The Government of Canada has been holding consultations on the reform of the Copyright Board whose job it is to establish royalties for the use of copyrighted materials.

Today, the website Librarianship.ca posted summaries of the submissions from two library associations: the Canadian Federation of Library Associations and the Canadian Association of Research Libraries.



Call for Proposals for WILU 2018 Library Instruction Conference in Ottawa

2017-10-04T15:53:29.377-04:00

WILU stands for Workshop for Instruction in Library Use and is an annual Canadian conference devoted to research and innovations in the area of information literacy and library instruction.

The University of Ottawa Library will be hosting the 2018 WILU conference next June.

The Call for proposals is open until November 13, 2017.

Proposals can be made for the following formats:
  • Presentation (45-minute session)
  • Workshop (120-minute session)
  • Panel discussion (45-minute session)
  • Lightning talk (7-minute session)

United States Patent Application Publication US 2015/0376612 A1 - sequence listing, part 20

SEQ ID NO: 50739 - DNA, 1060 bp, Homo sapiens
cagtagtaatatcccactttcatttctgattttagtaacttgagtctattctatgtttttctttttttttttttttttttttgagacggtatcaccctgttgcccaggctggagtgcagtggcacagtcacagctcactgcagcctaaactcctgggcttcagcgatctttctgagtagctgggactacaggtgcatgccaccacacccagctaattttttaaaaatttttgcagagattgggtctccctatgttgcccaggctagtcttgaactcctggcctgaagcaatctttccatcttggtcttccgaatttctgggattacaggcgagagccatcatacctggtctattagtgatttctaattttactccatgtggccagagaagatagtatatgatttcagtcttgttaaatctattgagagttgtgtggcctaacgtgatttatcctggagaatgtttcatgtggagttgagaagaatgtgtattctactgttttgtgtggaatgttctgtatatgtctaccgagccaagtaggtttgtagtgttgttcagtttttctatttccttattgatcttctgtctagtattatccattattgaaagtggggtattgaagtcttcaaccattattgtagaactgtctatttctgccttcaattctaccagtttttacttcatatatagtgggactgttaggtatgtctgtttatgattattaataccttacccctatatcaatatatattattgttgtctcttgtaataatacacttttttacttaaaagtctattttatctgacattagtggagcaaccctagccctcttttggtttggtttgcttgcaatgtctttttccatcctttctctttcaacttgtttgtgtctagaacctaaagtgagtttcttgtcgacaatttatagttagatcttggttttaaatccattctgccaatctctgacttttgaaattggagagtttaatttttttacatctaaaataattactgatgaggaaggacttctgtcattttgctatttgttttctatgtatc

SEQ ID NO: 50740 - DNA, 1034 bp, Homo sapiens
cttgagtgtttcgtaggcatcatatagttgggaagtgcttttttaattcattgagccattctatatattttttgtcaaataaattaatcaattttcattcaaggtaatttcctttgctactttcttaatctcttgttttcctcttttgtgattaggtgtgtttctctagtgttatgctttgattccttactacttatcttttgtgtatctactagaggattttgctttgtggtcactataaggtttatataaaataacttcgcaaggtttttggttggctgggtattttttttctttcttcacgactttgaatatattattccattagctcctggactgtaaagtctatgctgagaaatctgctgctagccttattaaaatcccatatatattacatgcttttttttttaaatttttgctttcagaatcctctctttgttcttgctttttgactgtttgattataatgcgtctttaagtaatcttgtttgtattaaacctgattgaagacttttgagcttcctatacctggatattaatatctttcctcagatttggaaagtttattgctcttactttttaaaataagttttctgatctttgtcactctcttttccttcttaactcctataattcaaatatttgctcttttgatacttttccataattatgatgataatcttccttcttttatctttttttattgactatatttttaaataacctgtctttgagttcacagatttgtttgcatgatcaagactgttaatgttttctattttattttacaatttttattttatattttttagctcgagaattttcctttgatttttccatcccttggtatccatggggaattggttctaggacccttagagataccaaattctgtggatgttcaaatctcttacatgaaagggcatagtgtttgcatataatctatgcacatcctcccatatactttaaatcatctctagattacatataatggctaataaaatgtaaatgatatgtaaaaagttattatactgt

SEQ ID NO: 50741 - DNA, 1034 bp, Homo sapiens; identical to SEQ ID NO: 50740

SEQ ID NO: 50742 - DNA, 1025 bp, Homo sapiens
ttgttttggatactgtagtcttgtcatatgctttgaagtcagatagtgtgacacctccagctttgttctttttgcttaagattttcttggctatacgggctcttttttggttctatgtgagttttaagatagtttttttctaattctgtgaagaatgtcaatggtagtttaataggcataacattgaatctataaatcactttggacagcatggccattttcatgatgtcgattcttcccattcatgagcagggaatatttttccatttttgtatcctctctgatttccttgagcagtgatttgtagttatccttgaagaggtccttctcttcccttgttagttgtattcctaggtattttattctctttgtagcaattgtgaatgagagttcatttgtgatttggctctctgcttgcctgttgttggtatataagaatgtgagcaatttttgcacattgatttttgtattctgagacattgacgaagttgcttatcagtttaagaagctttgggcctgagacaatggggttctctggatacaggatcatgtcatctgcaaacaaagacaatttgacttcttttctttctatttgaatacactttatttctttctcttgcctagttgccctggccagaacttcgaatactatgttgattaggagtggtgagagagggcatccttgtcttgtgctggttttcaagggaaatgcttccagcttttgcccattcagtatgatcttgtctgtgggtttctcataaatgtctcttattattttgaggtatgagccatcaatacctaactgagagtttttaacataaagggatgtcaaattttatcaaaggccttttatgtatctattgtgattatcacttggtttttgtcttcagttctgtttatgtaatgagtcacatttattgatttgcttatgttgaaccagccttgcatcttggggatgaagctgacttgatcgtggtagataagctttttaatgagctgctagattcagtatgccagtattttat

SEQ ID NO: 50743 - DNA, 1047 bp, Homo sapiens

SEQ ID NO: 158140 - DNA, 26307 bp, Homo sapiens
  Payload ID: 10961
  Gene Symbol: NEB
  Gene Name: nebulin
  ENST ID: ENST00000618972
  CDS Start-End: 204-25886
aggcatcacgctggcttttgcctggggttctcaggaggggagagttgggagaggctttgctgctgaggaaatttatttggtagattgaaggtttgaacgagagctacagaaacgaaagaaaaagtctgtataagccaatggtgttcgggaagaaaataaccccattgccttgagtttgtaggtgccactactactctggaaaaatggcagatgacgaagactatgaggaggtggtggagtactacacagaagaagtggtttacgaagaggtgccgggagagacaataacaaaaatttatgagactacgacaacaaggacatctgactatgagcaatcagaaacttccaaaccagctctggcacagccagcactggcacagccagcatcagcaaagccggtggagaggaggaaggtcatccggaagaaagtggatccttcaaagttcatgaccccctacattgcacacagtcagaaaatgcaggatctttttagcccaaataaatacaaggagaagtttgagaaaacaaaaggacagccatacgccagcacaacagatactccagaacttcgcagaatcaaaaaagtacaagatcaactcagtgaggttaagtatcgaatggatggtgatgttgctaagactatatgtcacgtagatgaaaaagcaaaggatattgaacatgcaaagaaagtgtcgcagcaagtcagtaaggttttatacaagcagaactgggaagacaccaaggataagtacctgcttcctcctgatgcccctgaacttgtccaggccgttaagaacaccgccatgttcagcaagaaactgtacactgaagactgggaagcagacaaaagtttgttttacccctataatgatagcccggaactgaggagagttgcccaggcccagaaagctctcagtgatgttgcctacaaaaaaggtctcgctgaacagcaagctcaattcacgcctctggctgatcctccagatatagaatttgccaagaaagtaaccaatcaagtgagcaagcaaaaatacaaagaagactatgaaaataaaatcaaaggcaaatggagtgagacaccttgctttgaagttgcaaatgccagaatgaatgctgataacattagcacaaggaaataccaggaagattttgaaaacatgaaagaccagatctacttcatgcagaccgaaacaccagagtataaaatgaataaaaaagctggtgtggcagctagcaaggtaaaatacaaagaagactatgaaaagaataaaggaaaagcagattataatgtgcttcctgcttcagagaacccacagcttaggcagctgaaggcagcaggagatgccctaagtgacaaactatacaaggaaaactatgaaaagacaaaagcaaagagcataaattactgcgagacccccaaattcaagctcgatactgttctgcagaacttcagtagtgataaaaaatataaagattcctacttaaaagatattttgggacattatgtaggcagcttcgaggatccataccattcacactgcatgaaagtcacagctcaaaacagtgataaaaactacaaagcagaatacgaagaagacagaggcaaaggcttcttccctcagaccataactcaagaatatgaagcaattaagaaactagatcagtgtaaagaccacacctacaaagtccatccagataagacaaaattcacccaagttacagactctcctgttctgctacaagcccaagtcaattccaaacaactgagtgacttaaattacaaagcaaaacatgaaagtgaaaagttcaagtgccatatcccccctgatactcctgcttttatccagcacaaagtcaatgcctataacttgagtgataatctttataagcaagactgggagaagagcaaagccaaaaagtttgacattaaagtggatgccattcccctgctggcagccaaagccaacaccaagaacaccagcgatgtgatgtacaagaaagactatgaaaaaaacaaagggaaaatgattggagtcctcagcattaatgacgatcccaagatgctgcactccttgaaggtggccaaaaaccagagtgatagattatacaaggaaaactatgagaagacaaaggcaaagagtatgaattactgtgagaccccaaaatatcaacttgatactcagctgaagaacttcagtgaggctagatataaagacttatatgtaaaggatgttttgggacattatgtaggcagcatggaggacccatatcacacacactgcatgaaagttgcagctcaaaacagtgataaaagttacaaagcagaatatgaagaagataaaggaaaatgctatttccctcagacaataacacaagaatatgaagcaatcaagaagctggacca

• Techno expo kiosk (similar to a poster session, but with computers and large screens to showcase innovative applications of instructional technology)
The WILU 2018 conference site has a history section that contains presentations from many earlier gatherings.



Statistics Canada Report on Sexual Assault

2017-10-04T15:43:49.302-04:00

Statistics Canada has published a report entitled Police-reported sexual assaults in Canada, 2009 to 2014: A statistical profile:
"There were 117,238 sexual assaults reported by police in Canada from 2009 to 2014. The vast majority (98%) of sexual assaults reported by police were level 1 offences, which involve some or no physical injury to the victim. The remaining 2% were level 2 or 3 sexual assaults, which are more violent and involve bodily harm or endangering the life of the victim."